This is why for many of these countries, the world apparatus cups are more ideal. A federation would rather send multiple gymnasts to multiple world cups where the field is weaker, practically guaranteeing finals spots to even some of the lowest-level competitors, an incredible opportunity considering each athlete who gets a spot in the finals has prize money coming to her.

It’s much more financially feasible for smaller programs to send lower-level gymnasts to competitions like these where they can compete multiple times, make multiple finals, and win multiple medals and thousands of dollars. The Slovenian gymnasts, for example, would be lucky to make a single final at worlds. Even Teja Belak, the 2016 Olympian who excels on vault, isn’t among the best gymnasts in the world on vault due to lower difficulty.

But so far this year the Slovenian women have earned 12 finals spots and five medals at world cups and challenge cups, and more important than the money that they’ve earned from these rankings, they get to go home to their federations and show them quantitative, tangible results from international competitions under the FIG umbrella, leading directly to the opportunity for greater funding. On paper, five world cup medals looks much better than finishing 58th in the all-around and 15th on vault at world championships, as Belak did in 2015, so even while the world cups aren’t as well-attended or as prestigious as world championships, for gymnasts from smaller programs, they’re worth a great deal.

I’ll use the Czech Republic as an example to the contrary. The Czech federation is so financially restricted, they can afford to send gymnasts to European Championships and then to worlds, but nothing else (and for worlds, they only pay up through the all-around final because it’s too expensive to pay for hotels through the end of event finals). The federation can’t afford competitions beyond these two meets, and so it’s up to clubs and sometimes even the gymnasts’ families to get them to the world cups and friendly meets that give them experience along the way.

The Czech federation sacrifices the smaller world cup meets for the experience and prestige of the larger meets, though the reason the gymnasts and their clubs are willing to self-fund world cup meets throughout the season is because they need those smaller meets to feel prepared for the big ones. This spring, the super promising Adela and Vendula Merkova — who sadly had to retire this summer — went to the Doha world cup with their club, and while their difficulty was weak in comparison to some of the other gymnasts, both made the floor final where they hit fantastic routines to place ahead of seven-time Olympian Oksana Chusovitinainvaluable experience that helped Vendula tremendously as she went into Euros.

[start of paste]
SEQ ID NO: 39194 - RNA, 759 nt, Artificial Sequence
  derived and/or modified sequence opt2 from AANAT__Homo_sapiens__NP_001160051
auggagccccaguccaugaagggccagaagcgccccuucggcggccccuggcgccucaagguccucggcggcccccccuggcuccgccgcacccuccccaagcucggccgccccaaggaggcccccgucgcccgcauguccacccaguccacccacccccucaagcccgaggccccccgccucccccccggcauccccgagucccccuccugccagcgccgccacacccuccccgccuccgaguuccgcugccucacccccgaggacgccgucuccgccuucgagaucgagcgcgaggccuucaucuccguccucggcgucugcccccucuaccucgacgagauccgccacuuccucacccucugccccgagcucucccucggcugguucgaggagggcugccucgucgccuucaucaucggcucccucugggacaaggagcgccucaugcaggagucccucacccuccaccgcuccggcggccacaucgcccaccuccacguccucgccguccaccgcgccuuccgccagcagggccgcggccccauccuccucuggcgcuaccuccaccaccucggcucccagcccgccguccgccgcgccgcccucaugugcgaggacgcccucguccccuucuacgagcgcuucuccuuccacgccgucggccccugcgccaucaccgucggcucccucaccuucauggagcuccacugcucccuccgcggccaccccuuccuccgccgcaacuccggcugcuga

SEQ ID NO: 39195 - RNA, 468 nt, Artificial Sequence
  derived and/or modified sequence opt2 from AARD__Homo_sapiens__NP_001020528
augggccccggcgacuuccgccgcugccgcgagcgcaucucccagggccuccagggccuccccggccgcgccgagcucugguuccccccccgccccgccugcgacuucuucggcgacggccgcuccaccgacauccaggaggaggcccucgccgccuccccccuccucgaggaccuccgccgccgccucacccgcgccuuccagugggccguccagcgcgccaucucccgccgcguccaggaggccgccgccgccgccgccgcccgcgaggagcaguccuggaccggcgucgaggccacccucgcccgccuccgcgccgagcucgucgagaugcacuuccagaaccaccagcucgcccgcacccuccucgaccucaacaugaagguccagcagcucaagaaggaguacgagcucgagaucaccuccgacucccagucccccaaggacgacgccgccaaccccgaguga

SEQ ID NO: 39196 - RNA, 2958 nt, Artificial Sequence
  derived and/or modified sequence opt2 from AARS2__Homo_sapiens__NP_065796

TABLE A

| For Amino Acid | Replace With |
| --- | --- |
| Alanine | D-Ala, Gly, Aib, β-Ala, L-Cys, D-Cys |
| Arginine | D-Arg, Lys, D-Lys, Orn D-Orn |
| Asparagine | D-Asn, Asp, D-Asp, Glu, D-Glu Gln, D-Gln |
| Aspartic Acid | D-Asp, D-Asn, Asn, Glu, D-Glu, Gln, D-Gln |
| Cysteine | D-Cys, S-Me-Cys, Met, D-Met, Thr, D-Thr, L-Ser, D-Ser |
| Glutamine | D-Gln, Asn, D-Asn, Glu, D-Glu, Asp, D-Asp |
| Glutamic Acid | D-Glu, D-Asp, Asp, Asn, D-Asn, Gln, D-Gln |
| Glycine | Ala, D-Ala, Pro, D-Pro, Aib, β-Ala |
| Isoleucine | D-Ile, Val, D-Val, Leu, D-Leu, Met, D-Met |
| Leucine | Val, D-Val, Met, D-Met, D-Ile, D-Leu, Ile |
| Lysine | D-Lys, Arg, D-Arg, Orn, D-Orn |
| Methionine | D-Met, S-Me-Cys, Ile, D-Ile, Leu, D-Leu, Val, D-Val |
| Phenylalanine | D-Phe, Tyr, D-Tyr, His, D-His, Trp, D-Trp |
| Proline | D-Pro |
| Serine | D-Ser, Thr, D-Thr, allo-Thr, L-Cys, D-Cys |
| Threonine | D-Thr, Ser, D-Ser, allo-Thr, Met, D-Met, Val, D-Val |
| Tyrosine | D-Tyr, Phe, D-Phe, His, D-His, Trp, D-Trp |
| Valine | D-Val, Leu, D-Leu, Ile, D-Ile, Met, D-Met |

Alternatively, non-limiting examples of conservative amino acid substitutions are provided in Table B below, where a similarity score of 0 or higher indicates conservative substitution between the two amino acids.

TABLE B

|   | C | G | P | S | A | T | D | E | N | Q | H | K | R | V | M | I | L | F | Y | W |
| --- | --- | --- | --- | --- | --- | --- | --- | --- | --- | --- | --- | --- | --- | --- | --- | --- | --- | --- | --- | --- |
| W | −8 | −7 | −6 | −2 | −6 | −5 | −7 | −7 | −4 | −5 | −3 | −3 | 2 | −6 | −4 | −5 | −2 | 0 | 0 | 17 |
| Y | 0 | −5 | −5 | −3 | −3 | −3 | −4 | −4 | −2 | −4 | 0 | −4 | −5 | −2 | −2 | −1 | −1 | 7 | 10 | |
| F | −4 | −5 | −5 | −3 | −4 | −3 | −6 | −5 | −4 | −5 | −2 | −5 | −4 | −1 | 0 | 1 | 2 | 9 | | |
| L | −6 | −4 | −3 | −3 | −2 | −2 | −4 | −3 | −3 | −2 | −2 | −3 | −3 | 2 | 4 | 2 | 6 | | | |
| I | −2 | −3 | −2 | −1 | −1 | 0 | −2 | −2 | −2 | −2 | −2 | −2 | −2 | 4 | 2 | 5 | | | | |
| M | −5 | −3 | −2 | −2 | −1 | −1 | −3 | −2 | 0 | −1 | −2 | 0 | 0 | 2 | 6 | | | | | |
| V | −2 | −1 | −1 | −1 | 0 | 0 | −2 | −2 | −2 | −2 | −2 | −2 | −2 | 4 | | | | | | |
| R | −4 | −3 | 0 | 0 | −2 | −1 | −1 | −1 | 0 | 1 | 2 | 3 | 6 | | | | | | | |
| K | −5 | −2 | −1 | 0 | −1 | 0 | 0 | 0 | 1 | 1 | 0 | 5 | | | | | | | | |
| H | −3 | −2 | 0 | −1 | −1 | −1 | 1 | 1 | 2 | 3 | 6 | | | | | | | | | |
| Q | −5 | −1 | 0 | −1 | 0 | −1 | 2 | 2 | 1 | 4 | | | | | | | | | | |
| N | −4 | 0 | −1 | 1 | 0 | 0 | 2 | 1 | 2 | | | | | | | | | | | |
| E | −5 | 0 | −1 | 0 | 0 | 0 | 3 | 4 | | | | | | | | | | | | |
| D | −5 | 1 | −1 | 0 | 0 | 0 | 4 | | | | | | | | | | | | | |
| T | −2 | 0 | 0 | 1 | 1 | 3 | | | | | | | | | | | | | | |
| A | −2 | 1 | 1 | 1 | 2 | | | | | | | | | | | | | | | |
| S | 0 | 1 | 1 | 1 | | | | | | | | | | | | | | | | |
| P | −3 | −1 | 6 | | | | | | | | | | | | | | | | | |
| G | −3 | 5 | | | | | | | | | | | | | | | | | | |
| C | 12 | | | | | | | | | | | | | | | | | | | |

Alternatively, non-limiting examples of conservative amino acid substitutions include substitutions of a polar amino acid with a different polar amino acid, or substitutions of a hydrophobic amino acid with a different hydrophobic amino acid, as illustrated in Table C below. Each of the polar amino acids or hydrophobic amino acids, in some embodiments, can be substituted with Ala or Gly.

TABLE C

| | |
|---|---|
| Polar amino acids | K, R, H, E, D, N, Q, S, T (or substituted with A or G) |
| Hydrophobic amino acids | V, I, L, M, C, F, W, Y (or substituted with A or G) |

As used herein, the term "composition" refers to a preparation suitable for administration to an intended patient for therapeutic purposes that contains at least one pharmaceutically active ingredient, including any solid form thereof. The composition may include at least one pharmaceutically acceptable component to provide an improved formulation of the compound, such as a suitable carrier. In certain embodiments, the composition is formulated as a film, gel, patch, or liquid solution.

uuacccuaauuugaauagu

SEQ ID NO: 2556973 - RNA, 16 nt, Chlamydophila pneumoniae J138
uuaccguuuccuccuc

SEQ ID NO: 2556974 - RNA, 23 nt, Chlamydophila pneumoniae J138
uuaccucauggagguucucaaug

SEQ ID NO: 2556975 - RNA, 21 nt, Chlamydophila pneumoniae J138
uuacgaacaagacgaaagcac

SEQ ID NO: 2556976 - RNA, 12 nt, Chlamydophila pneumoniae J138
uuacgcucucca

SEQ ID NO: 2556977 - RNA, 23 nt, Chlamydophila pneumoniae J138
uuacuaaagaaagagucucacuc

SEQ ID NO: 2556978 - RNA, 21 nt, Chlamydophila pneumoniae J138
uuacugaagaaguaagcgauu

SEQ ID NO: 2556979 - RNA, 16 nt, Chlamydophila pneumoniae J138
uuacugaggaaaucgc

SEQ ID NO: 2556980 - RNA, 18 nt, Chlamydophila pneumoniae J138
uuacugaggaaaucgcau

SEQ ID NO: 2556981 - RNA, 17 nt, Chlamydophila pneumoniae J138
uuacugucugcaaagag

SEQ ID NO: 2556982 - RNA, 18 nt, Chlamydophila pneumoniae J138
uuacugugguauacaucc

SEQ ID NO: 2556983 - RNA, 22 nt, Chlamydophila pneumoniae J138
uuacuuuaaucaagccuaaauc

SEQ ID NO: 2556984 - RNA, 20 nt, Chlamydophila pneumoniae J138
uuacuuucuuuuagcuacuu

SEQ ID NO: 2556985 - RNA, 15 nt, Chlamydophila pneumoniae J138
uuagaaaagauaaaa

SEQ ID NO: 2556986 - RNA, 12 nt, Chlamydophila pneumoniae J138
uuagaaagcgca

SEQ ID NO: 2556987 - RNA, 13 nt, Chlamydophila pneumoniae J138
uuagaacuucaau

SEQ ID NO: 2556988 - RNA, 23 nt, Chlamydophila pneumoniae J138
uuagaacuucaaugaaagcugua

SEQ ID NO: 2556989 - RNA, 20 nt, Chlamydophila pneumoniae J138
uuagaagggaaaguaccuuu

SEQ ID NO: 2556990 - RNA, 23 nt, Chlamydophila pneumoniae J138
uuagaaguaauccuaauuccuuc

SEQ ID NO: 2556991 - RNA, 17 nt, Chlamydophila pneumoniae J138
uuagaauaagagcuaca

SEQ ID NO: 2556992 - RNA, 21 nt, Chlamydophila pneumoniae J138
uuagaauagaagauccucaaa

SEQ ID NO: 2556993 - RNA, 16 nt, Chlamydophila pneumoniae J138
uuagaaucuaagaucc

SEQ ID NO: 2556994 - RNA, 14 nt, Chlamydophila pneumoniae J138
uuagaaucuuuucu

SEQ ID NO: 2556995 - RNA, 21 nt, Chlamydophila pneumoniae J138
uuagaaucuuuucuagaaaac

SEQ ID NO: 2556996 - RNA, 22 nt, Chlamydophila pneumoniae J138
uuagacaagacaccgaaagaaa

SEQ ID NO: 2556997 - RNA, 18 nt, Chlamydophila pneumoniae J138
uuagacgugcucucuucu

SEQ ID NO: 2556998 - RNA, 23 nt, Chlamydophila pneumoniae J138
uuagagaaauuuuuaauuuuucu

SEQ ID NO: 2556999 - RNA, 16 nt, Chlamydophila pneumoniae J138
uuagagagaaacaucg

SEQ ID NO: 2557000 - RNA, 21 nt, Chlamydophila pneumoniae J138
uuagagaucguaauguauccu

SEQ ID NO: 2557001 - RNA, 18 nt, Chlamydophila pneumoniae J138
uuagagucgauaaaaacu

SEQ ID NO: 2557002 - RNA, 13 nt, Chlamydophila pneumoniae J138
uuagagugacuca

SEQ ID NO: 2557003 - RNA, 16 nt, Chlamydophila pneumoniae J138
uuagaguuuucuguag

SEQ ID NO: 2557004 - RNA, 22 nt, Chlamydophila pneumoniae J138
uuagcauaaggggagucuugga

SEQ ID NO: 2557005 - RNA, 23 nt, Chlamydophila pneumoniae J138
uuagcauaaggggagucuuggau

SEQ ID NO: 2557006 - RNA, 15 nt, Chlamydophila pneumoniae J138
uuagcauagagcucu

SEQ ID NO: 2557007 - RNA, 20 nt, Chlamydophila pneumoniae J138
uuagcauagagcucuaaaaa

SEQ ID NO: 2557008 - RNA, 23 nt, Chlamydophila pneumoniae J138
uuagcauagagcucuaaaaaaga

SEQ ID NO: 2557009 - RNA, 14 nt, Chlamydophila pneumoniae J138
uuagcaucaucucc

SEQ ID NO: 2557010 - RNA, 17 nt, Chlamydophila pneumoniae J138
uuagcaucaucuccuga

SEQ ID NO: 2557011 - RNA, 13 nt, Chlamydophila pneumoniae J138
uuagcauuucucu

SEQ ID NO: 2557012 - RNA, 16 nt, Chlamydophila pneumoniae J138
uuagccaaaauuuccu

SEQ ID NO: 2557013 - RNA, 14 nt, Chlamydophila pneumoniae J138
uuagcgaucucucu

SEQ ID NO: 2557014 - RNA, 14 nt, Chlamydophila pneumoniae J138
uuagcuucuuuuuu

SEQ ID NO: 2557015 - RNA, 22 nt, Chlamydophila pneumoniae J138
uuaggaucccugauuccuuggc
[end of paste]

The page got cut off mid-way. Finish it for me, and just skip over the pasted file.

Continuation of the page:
So when you have a girl like Brazil’s Pedro who won’t come near a single final in Montreal, is it really worth sending her to an individual worlds “for the experience” when they could send her and several other athletes to Europe for a few weeks to knock off two or three world cups at once? Not only would they get experience in front of international brevet judges at an official FIG meet, but they’d also basically be stars there, getting full and undivided attention in smaller, weaker fields, which is incredibly beneficial as these athletes move forward in their careers. They get a moment in the spotlight, gaining international experience in both qualifications and finals, competing in a high-pressure situation with medals and money on the line, giving them far more experience than being one of 200+ gymnasts in the qualifications field at worlds would.

For countries that don’t have endless resources available to send gymnasts to every competition out there, there has to be a trade-off. Either they sacrifice all of the world cups and medals and prizes to get to say “I placed a solid 58th in all-around qualifications at worlds, the most prestigious gymnastics competition of the year!” or they sacrifice the prestige of worlds for things that can actually make a difference in the program’s funding. Some countries do value the prestige of worlds more than the medals and prizes from world cups, and that’s great! If that’s what they find more beneficial to them, then it’s absolutely worth it, whether they’re in the mix for medals or not. But most of these middling countries value the world cups and other similar competitions where they get more bang for their buck, especially in a year where they’re not required to send a full team to fight for an Olympic spot.